Sleep Disorders ᐅ 6 Reasons for Insomnia and What You Can Do About It

You are exhausted, lie down in bed, and long for just one thing: deep, sound sleep. But then it doesn’t happen – you lie awake. Minutes pass, we toss and turn, and although you are very tired, you just can’t sleep.

Have you ever experienced this? Or do you often have trouble staying asleep, waking up in the middle of the night with your mind racing? 

6 Causes of Sleep Disorders (+ Tips to Fall Asleep)

1. Exposure to bright light

Do you often lie in bed at night and stare at your smartphone while you catch up on the news and check your Instagram and Facebook newsfeeds? Then you’ve probably already noticed that you have trouble sleeping after spending time looking at your phone for a while. The reason why: the bright light of your screen!

Televisions, computers and phones – all these electronic devices emit bright light. This causes our body to believe it is still daytime and disrupts our circadian rhythm. It’s no surprise then that the light emitted by smartphones and other electronic devices can lead to sleep disorders.

Our tip:

Try to cut down on your smartphone or screen time in the evening and set a time when you stop using these devices for the night. If this isn’t an option for you, you can also download apps that change the color of your screen to a darker hue. In contrast to bright light, this doesn’t prevent our body from releasing the sleep hormone melatonin.

2. Too much caffeine

If you didn’t sleep well or not enough, it’s completely understandable that your first stop in the morning is the coffee machine. But if you drink too much coffee throughout the day, it might make it hard to fall asleep in the evening or keep you awake at night. This can lead to insomnia.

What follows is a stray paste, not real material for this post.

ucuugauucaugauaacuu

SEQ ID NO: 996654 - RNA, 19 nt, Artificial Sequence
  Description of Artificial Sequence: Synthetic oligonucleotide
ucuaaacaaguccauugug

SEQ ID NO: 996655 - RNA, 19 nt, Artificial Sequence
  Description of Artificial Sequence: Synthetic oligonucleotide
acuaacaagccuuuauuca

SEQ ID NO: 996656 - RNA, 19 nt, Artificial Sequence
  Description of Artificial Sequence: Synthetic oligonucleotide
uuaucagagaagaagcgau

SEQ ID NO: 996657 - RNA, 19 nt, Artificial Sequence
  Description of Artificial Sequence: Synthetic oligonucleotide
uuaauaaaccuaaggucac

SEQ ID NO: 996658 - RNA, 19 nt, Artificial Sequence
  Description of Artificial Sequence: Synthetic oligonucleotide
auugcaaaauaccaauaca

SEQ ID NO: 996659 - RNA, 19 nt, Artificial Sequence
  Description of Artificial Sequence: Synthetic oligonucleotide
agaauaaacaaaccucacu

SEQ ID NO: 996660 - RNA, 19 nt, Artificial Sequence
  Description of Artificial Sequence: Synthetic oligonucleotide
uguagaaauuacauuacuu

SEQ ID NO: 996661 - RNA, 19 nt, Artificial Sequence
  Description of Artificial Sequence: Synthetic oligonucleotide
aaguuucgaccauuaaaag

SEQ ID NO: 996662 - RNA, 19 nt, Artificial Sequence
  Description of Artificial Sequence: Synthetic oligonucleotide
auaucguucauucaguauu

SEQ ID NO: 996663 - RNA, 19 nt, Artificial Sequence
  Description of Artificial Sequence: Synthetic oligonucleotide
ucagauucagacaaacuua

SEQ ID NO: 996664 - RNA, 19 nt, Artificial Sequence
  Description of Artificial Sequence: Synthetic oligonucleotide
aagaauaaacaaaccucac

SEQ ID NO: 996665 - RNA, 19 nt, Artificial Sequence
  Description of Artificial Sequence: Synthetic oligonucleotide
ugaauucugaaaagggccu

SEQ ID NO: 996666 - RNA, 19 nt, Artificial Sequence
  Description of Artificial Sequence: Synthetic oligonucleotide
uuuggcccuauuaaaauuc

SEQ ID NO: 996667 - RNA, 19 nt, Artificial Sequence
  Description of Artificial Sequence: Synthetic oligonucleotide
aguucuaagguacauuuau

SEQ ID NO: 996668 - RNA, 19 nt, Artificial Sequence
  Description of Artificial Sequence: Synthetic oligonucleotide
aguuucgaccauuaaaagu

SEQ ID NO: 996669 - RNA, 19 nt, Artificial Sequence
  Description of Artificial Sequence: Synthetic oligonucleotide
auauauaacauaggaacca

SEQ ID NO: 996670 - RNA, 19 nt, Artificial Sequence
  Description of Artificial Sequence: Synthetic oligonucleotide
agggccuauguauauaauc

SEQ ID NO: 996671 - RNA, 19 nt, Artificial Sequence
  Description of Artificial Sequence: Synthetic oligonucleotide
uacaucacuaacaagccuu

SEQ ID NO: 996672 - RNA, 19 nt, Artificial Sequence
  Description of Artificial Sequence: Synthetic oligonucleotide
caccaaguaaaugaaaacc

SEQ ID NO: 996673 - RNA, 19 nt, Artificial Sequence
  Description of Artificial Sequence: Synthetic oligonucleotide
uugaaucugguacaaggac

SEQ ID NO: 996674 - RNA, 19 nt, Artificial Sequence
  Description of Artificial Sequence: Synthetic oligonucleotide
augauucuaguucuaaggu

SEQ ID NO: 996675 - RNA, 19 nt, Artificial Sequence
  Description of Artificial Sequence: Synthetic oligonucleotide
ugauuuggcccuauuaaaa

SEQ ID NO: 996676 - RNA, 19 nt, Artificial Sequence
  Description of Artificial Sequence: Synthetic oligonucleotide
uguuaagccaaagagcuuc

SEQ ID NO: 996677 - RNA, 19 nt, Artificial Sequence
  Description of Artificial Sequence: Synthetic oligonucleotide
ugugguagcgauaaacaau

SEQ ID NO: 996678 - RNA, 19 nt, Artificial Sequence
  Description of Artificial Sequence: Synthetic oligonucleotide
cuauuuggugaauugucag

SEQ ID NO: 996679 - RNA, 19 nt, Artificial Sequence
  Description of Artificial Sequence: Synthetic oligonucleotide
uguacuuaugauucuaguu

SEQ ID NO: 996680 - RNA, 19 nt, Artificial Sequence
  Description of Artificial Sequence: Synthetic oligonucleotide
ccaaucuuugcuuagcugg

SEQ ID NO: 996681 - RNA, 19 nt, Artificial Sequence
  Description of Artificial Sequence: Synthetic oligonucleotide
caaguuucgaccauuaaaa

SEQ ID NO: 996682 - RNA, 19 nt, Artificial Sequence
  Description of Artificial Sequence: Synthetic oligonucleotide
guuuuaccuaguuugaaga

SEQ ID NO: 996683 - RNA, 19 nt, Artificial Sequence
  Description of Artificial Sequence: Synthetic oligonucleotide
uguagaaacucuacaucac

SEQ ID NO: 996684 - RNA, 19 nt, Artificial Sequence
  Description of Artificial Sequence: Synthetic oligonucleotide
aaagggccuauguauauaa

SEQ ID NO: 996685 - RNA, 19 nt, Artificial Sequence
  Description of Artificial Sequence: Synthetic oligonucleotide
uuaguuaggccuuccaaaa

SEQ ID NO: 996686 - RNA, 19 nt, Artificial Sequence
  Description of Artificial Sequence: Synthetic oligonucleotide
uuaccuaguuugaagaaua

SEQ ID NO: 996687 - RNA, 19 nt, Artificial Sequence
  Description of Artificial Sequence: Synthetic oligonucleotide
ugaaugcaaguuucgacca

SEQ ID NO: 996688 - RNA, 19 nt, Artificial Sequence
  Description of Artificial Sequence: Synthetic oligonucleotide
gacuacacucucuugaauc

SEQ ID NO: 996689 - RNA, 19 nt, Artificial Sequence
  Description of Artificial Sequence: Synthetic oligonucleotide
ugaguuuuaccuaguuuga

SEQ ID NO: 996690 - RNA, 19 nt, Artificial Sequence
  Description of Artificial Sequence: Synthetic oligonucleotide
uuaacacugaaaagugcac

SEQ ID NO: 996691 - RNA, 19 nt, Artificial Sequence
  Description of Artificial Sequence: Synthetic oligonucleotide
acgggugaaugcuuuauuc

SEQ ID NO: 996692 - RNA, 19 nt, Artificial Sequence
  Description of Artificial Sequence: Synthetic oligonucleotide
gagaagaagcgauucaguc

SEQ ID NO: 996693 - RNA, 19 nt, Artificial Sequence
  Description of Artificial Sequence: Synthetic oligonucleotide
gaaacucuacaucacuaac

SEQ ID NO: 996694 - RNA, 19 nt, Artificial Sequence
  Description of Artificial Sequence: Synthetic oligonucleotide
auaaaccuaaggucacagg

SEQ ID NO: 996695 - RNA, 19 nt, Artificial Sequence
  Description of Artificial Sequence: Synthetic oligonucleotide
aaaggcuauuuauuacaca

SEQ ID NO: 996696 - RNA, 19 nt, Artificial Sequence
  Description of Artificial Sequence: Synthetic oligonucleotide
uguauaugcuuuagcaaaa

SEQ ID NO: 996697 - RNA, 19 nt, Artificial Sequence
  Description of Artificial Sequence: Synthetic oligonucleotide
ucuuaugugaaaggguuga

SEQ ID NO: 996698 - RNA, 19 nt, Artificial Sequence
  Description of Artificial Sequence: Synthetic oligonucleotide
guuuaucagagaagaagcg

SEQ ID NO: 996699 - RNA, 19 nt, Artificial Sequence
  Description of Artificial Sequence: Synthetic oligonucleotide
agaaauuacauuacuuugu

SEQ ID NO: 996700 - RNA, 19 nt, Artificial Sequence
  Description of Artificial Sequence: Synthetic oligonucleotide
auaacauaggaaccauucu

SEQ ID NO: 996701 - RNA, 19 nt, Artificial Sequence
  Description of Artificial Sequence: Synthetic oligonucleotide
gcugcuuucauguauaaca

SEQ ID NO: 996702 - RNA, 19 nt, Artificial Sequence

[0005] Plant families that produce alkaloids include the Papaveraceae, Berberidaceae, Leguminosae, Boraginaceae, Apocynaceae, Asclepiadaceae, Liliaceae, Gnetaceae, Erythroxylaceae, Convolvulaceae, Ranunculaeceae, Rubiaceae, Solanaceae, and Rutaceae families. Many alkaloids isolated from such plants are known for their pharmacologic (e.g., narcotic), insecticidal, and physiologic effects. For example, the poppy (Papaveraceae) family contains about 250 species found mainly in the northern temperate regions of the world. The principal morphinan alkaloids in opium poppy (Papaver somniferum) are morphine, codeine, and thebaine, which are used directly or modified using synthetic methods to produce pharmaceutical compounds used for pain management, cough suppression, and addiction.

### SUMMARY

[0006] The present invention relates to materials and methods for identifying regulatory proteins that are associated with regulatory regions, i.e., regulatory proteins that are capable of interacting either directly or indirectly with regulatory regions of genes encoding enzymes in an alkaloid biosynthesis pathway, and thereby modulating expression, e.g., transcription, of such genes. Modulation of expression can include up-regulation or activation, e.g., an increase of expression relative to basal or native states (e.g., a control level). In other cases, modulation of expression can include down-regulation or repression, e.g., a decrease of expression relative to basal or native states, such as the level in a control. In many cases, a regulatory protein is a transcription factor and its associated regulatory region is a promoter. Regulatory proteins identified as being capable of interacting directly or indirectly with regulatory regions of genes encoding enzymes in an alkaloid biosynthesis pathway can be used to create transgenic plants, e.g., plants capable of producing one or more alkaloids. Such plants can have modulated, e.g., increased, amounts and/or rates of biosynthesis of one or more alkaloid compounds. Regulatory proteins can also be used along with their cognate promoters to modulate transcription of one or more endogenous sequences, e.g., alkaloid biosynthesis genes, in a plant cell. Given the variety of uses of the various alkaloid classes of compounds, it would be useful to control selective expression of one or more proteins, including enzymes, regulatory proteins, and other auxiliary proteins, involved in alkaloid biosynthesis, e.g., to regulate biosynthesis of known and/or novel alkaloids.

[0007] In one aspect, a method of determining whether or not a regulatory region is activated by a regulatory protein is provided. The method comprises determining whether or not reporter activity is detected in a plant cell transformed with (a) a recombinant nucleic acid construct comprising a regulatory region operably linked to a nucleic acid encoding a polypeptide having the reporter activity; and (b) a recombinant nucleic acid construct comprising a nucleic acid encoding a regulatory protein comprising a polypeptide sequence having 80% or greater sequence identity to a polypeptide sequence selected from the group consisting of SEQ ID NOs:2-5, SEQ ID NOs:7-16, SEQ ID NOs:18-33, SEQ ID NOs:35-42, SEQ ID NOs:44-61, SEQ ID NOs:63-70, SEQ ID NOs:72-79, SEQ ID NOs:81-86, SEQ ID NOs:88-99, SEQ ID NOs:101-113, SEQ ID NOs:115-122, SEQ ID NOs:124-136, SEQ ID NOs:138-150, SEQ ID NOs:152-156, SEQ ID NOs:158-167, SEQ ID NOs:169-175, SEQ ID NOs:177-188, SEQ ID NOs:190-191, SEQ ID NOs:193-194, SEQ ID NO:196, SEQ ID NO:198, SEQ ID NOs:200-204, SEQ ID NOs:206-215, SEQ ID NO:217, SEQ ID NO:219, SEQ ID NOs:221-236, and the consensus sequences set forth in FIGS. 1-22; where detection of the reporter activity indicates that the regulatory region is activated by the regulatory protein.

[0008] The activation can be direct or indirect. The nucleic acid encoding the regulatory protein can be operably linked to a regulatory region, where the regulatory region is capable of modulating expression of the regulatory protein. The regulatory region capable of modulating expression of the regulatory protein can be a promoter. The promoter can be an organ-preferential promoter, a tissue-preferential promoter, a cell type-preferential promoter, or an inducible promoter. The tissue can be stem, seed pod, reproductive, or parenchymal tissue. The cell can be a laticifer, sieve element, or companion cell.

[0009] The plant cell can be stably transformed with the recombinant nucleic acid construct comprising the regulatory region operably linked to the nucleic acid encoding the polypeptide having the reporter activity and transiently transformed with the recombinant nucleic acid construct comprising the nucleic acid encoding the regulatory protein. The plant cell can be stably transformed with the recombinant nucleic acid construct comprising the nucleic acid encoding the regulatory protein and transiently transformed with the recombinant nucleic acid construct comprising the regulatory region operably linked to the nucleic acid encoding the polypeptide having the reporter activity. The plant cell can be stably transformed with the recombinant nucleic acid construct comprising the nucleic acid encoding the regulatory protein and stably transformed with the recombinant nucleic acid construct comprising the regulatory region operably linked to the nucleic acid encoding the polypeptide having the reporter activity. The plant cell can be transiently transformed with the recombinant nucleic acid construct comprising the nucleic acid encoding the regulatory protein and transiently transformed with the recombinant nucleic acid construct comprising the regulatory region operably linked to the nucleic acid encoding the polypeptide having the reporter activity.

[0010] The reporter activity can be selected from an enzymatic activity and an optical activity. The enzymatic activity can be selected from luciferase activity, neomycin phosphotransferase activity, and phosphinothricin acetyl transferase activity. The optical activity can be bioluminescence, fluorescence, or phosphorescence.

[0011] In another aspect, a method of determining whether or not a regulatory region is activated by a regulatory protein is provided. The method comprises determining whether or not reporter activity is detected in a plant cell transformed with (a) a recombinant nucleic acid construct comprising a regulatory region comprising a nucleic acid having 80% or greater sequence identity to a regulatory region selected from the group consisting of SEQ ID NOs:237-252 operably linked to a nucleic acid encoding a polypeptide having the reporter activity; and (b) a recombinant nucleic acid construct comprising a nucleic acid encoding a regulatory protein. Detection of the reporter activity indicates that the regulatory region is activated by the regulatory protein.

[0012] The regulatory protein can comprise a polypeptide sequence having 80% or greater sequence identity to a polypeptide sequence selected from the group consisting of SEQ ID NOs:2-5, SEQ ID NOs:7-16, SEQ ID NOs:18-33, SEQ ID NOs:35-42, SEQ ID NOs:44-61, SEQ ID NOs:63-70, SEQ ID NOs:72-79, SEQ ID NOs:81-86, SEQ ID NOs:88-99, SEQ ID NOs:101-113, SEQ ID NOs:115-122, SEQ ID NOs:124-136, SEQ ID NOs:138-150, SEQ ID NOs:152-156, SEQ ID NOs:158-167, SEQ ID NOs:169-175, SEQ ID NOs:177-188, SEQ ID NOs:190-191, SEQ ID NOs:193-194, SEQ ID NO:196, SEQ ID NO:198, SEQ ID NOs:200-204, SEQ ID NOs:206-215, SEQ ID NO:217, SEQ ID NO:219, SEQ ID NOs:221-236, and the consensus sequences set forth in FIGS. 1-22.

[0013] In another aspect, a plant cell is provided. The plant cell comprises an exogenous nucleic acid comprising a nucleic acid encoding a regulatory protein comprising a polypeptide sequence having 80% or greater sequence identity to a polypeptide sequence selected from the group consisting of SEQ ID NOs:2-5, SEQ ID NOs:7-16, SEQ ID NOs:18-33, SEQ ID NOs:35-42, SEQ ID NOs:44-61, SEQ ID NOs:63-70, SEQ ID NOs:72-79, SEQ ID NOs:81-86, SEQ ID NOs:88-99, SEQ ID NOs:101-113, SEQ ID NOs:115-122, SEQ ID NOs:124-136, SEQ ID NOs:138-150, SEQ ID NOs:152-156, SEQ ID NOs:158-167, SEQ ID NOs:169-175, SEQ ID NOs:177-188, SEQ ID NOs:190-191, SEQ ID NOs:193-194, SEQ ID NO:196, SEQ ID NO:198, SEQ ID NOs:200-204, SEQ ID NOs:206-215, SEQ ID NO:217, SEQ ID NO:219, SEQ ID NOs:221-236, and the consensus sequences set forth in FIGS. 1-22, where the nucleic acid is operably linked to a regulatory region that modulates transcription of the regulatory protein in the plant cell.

If you want to sleep better, it’s a good idea to avoid coffee or any caffeine after a certain time (e.g. after 2 pm). The time varies, of course, from person to person, but keep in mind that caffeine stays in your system for 6-8 hours. A pretty long time, don’t you think?

3. Intense workout in the evening

Have you ever done a tough bodyweight training workout or an intense run and then had trouble falling asleep, because you were so energized? Exercise before bed can cause problems sleeping. 

The Alaska Sleep Clinic recommends allowing time to relax after a workout. If you are going to do an intense cardio workout (sprints, soccer, basketball, etc.) in the evening, make sure it’s two to three hours before you go to bed. It takes time for your heart rate, adrenaline level, and body temperature to get back to normal. 

Good to know:

Stretching, yoga, or a leisurely walk are perfect evening activities to relax before going to bed.

4. A big meal before going to bed

We’ve all probably done this before: we get online and order a large meal to be delivered. It ends up being more than we actually wanted, but we manage to squeeze in the dessert as well. We regret it quickly, a heavy meal before bed makes it hard to fall asleep. 

When you need quick relief, try drinking a cup of decaffeinated tea (peppermint, anis, fennel, or ginger) or going for a short walk to help you digest. And next time try to choose lighter options in the evening.

5. Alcohol before falling asleep

A small glass of wine in the evening can make for a nice nightcap. But if you drink too much alcohol in the evening, it can lead to trouble sleeping

How did you sleep the last time you had several drinks? Deeply and soundly? Or did you wake up a lot and were restless? Alcohol disrupts REM (rapid eye movement) sleep. We spend 25% of our night’s sleep in this phase, which plays a crucial role in our body’s recovery processes. Therefore, experts recommend to stop drinking alcohol 2-3 hours before going to bed.

6. Your bedroom is too warm

Do you like a warm and cozy room? When it’s cold outside, it’s tempting to turn on the heat. But if you sleep in a hot room, it could lead to sleep disorders or insomnia. 

A cool room helps us fall asleep faster. The National Sleep Foundation recommends keeping the temperature between 60° and 67°F (15°- 20° C). 

Hot bedroom – what can you do in the summer?

On our blog we’ve put together tips for you on how to sleep better when it’s hot outside.

Do you have some tips for a good night’s sleep? Post your ideas in the comments below!

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Tina Sturm-Ornezeder Tina loves the written word, avocados & yoga and is very curious. She likes to discover new trends and report on them. View all posts by Tina Sturm-Ornezeder »